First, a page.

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KIT REVIEW


Special Hobby SH72128
Model 339-23 Buffalo -- 1:72 Scale



The Brewster F2A Buffalo was one of the first U.S. Navy carrier-based monoplanes and a competitor to the first design incarnation of the Grumman F4F Wildcat.  By the time the war began, jug-shaped the Buffalo was outperformed by the Japanese Zero, particularly well illustrated at the Battle of Midway.  It was also exported to Finland, Belgium, the U.K., the Netherlands, and Australia.  In this review, we take a look at this reissue of the Special Hobby 1:72 scale kit of the Model 339-23 Buffalo from 2005 which includes a small cache of resin parts along with the Sword plastic parts.

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In 1935, the U.S. Navy saw the future beyond biplanes and issued a request for proposal for a new for a carrier-based monoplane fighter to replace the Grumman F3F.  The Brewster XF2A-1 won the contract and first flew in 1938.  While it was a stubby-looking airplane, it featured many innovative and otherwise modern features, such as an all-metal airframe, flaps, and hydraulically actuated main landing gear.  Yet, it still retained fabric-covered control surfaces, lacked both armor for the pilot and self-sealing fuel tanks, and carried little internal fuel that starkly limited its range.  It was powered by a single-row Wright R-1820-22 Cyclone radial engine that conferred an impressive initial climb rate and top speed of over 300 miles per hour.  It was armed with pair of nose-mounted machine guns – one .50 Cal. M2 Browning machine gun and one .30 Cal. AN Browning machine gun.  

Some 509 Buffalos were constructed by Brewster on Long Island, New York.  Three variants were produced for the U.S. Navy: the F2A-1, F2A-2 and F2A-3, and the corresponding export versions were the B-239, B-339, and B-339-23, respectively.  While Finland may have been the most famous of the Buffalo operators, The Netherlands acquired 20 of the 339-23s that featured the Wright GR-1820-G205A powerplant.  In the wake of the fall of Dutch East Indies in March 1942, 17 of their remaining Buffalos avoided capture and were transferred to the U.S. Fifth Air Force in Australia.  All of these aircraft were loaned to the Royal Australian Air Force and used to fill in gaps in homeland air defense and pilot training roles in Australia.  In 1944, all remaining RAAF Buffalos were transferred back to the USAAF and retired not long after.

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Special Hobby’s 1:72 scale Buffalo 339-23 is based on the tooling and molds by Sword.  It is a pretty simple kit, coming in at 47 injection molded parts on one sprue, 10 clear parts on one clear sprue (not all are used), and 15 cast resin parts.  The full-color instructions guide the build over eight steps. Markings are provided for four Buffalos:    

Strengths:  This is a pretty simple kit, and its assembly should be relatively straightforward (but see below).  The shape and size of the airframe looks accurate, and the surface details (panel lines and a few rivets here and there) are finely recessed details.  The clear parts are perhaps just slightly thick for 1:72 scale, but otherwise, look quite nice and the framing is well defined.  However, the real highlight of this kit involves the resin parts and the decals.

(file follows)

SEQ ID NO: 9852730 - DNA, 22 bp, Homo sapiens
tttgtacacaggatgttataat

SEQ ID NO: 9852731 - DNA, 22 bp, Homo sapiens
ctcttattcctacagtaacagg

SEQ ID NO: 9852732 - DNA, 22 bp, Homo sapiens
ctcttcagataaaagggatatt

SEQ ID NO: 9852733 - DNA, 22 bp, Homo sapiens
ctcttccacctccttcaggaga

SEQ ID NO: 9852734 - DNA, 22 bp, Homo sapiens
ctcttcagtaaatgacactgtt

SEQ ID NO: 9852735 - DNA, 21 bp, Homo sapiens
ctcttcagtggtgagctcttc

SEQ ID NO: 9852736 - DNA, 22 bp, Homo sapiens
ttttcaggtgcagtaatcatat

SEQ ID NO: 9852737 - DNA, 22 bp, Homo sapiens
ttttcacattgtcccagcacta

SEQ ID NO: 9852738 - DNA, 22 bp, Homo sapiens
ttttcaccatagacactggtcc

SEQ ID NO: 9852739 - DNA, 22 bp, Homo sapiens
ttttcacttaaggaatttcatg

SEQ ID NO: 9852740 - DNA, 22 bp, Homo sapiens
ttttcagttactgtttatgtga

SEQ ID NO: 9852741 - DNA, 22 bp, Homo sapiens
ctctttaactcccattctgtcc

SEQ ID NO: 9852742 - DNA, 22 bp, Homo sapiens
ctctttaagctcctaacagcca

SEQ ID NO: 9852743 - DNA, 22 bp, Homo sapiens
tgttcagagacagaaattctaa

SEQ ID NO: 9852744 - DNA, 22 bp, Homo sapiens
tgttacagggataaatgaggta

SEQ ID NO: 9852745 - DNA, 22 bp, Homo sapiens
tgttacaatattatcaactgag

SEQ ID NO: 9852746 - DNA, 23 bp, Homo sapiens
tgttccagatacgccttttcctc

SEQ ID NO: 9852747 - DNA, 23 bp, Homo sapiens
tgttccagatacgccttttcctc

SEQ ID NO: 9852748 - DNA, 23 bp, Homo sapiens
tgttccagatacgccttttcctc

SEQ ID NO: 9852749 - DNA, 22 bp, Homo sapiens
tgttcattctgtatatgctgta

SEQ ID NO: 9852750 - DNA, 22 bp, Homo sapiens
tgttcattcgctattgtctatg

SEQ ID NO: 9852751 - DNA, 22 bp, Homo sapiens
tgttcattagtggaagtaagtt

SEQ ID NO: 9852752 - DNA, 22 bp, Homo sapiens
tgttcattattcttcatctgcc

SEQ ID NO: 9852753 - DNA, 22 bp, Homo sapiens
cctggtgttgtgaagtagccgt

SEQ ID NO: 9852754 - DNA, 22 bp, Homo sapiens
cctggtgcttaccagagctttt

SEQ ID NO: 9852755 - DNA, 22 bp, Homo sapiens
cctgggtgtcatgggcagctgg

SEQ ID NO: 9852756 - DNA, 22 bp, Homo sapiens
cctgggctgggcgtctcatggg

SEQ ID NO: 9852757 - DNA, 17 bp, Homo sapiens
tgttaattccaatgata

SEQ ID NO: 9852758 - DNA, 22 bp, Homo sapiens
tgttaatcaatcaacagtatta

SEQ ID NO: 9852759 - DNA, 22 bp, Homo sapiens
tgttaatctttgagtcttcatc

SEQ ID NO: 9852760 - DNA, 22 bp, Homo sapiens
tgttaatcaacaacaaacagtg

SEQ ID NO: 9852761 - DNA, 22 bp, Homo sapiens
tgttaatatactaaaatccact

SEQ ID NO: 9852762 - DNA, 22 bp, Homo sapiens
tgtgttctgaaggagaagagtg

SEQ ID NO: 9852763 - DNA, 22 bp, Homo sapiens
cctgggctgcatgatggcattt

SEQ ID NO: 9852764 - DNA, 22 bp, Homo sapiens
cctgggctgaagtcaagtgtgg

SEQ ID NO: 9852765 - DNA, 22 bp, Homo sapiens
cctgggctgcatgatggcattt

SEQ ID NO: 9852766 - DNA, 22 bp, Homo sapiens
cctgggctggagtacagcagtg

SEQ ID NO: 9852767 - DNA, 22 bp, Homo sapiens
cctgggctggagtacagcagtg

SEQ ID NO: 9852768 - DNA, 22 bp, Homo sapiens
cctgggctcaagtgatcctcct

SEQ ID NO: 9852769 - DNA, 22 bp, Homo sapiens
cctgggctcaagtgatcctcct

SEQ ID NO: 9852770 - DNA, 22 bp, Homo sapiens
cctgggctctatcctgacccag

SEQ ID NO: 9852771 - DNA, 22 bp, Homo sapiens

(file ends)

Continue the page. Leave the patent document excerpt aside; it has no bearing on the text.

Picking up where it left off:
The 15 resin parts include the entire complete cockpit (instrument panel, sidewalls, pilot’s seat, and other details).  These parts are awesome and beautifully cast with lots of great detail, especially for 1:72 scale.  The engine and prop boss are also beautiful cast.  I also really like the AviPrint decals.  I think the natural metal scheme (the personal airplane of the base commanding officer at Essendon) is really great and my favorite of them all.  It is quite distinctive and the one that I will build when this kit reaches my bench.

Weaknesses:  As a limited run injection molded kit (again, this is the Sword tooling), there are no locating pins or tabs for the fuselage halves, wings, horizontal stabilizers, and the like.  Some extra care will be needed in attaching parts.  Also, a good fine sanding of the exterior airframe parts might be wise to clean up any imperfections and allow extra time to clean up your parts, owing to the large pour gates connecting parts to the sprue.  While the resin pilot’s seat is great, the kit contains no belts for the seat.  The blues in the U.S. national insignia are maybe just a little too light, but you’ll have to take a hard look at them for yourself.  If they are too light, it’s not too bad.     

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Special Hobby’s Model 399-23 Buffalo is a neat little kit. However, it’s not for beginners, and a little past experience with both limited run injection molded kits and resin detail parts will go a long way in finding success with this kit. The resin parts especially elevate the potential of the Special Hobby Buffalo. It should build into a great little replica of the Buffalo serving in Australia during WWII.   
 
Sincere thanks are owed to Special Hobby for the review sample. You visit them on the web at http://www.specialhobby.info/ and on Facebook at https://www.facebook.com/specialhobby

Haagen Klaus
Scale Modeling News & Reviews Editor
Detail & Scale

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